Using LiDAR for Low Altitude Flight Landing

  |   Drone Blog

Pilots and filmmakers know all too well the specific challenges posed by low altitude and night flying. XDynamics’ EVOLVE 2 drone platform has taken a unique approach to solving this challenge with the incorporation of LiDAR (Light Detection and Ranging) technology.  While traditionally used for mapping purposes, EVOLVE 2 is one the industry’s first single operator aircrafts using LiDAR to measure distance with incredible speed and incomparable accuracy. Let us explore how LiDAR works, its advantages over other remote sensing technologies and how its sensor is used specifically for high precision low altitude flight landing.


Widespread Availability


Introduced in the 1960s, LiDAR technology was custom mounted to large aircraft and primarily used for military and meteorology research. The technology, which uses rapid laser pulses to map out the surface of the earth, was very expensive prior to the introduction of GPS in the 1980s.  Since then, LiDAR has been widely adopted and mass produced at significantly reduced costs. Today, LiDAR can be found in large aircraft as well as smaller done platforms, including EVOLVE 2. 


Types of Remote Sensing Technologies


LiDAR, RaDAR and SoNAR are three object detection technologies with similar remote sensing algorithms.  All three use the signal reflection principle to detect objects as well as determine their speed and distance to them. (See Figure 1.1)


An algorithm of the remote sensing system functioning:


1. A transmitter emits a signal.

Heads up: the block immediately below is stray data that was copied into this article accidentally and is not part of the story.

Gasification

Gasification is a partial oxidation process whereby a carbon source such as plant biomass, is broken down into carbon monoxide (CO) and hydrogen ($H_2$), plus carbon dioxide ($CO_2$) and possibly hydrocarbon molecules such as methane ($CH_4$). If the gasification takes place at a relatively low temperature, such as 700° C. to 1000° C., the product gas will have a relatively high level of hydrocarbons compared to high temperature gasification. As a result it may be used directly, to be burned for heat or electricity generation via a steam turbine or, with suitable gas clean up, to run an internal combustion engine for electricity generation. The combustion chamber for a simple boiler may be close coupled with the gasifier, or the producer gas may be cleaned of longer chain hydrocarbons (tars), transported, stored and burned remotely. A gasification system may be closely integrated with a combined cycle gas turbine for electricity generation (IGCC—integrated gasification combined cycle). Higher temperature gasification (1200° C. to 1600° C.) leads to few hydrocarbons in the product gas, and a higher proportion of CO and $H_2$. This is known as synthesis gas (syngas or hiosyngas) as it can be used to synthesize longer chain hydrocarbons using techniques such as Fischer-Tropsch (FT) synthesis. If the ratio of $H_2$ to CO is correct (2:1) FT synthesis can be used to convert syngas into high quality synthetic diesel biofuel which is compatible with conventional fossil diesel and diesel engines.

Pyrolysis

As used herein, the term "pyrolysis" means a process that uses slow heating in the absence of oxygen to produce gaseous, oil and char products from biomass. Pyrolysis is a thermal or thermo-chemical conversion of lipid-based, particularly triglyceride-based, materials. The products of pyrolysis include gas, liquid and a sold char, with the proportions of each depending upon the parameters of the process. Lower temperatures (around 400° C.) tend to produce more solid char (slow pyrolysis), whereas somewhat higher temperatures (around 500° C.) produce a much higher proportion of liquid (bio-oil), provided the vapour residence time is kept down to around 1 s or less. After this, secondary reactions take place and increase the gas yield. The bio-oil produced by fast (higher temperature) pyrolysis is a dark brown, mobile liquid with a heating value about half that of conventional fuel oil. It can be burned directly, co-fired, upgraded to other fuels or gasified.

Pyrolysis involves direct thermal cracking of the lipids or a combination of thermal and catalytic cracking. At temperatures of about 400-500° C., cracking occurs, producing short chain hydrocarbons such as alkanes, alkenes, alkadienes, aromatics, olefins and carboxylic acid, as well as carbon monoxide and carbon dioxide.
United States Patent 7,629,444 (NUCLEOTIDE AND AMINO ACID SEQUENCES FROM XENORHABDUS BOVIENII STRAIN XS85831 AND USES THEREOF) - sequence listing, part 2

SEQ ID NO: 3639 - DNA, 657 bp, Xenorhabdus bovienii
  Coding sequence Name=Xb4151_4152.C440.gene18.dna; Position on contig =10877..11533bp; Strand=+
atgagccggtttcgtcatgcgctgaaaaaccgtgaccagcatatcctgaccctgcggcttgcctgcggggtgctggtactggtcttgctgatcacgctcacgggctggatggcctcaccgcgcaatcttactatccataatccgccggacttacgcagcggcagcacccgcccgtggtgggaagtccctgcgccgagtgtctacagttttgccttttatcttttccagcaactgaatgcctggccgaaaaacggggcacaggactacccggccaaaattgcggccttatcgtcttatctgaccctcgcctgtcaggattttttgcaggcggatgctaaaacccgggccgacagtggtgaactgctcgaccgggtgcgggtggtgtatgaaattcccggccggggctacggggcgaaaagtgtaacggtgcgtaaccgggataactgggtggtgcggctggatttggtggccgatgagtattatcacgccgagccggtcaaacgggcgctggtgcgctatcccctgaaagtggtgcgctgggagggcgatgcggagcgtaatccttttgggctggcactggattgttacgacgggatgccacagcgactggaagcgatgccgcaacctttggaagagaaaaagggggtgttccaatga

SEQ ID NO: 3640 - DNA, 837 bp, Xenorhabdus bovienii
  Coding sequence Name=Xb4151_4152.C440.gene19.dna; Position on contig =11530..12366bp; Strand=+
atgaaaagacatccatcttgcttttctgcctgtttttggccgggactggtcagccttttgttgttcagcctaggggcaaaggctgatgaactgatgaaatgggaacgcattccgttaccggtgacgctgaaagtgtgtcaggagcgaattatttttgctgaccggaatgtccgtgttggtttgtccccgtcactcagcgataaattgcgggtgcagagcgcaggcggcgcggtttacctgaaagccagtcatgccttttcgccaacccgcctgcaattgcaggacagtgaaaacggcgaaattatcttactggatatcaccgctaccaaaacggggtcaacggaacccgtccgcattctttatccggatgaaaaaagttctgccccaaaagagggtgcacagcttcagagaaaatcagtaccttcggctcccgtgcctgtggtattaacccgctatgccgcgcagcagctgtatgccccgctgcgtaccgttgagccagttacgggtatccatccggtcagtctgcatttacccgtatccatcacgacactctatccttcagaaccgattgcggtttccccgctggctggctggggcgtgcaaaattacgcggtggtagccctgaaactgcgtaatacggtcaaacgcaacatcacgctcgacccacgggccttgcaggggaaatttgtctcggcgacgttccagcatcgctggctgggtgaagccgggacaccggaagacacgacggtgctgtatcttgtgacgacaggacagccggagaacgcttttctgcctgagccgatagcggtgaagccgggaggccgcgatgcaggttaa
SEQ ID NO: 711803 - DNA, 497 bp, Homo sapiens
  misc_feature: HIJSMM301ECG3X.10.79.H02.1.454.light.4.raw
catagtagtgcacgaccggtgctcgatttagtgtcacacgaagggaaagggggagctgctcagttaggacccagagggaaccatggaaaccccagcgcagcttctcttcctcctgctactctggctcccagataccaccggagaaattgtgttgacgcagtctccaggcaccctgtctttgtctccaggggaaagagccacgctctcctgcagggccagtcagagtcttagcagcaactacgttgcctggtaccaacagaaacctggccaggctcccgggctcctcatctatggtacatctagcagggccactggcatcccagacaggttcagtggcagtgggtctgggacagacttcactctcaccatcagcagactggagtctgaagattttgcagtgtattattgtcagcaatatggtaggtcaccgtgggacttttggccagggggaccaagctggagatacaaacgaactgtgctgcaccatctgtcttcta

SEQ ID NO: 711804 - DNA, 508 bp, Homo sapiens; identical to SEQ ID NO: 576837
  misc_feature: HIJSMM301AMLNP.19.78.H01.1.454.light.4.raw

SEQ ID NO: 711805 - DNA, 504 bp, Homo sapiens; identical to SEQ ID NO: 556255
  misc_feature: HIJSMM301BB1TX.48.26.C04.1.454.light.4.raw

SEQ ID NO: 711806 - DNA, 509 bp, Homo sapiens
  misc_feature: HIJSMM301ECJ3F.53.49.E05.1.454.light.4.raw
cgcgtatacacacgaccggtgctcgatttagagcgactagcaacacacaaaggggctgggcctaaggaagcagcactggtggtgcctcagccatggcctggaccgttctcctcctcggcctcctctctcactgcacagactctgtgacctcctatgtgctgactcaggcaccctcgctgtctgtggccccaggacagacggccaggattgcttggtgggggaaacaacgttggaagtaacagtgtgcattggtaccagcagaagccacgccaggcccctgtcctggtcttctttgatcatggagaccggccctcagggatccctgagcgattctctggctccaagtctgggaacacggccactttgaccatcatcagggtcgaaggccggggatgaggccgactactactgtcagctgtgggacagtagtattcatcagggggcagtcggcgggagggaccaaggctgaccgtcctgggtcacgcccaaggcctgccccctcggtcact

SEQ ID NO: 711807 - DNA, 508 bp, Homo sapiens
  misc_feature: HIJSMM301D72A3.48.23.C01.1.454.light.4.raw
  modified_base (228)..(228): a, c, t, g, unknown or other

2. The signal reaches an object.

3. The signal reflects from the object and returns.

4. A receiver captures the reflected signal.


As seen in Figure 1.1, each system uses a simple calculation to determine how far the object is by measuring how much time it takes for a signal to reach the object and return to the receiver.

The LiDAR Advantage


While similar, these technologies use different types of signals to measure the distance to a stationary object. LiDAR emits light pulses, whereas RaDAR transmits radio waves, and SoNAR uses sound echo. The difference in signal length and frequency directly affect how fast the data is updated as well as how accurate the data is.


The length and frequency of sound radio and light waves:

(SoNAR) Ultrasonic waves: 1.5-15 km; 20kHZ-200kHz.

(RaDAR) Radio waves: 1mm -100 km; 300 GHz-3 kHz.

(LiDAR)  Visible light waves: 400-700 nanometers; 430–750 terahertz.


LiDAR and RaDAR are much faster at detecting objects because light is 1,000,000x faster than sound. LiDAR (which uses visible light waves), is a longer and higher frequency system that can “see” further and is the most accurate, making it the most effective in low light.



While similar in speed, LiDAR measurements are more precise as compared to what RaDAR offers. RaDAR cannot accurately survey an object’s true shape correctly. Radio waves return lower resolution data, making it more difficult for the sensor to interpret. On the other hand, LiDAR’s spinning sensor is better at detecting objects, especially in close range. LiDAR sends and receives a large amount of laser pulses to form a highly precise ‘point cloud’ of the object with great range and angular resolution.


EVOLVE 2 and LiDAR


XDynamics’ EVOLVE 2 drone platform organically incorporates all of the components needed for the LiDAR system (GPS, laser scanner, high precision clock, IMU, data storage and management systems and GPS ground station). While traditionally used for mapping, the EVOLVE 2 harnesses the power of the LiDAR sensor to provide superior position tracking (operating at 50mw with a range of 0.1m to 10m. with an accuracy of +/- 2.5cm).


As previously discussed, higher precision is especially critical for flying and landing at altitudes of 10M and below. At these lower altitudes, the LiDAR sensor overtakes other sensing systems and methods (like GPS) to sense the horizon, ground etc. where speed and accuracy are crucial. The efficiency and effectiveness of LiDAR in EVOLVE 2, therefore, offers pilots safer low altitude landing that other technologies and platforms cannot.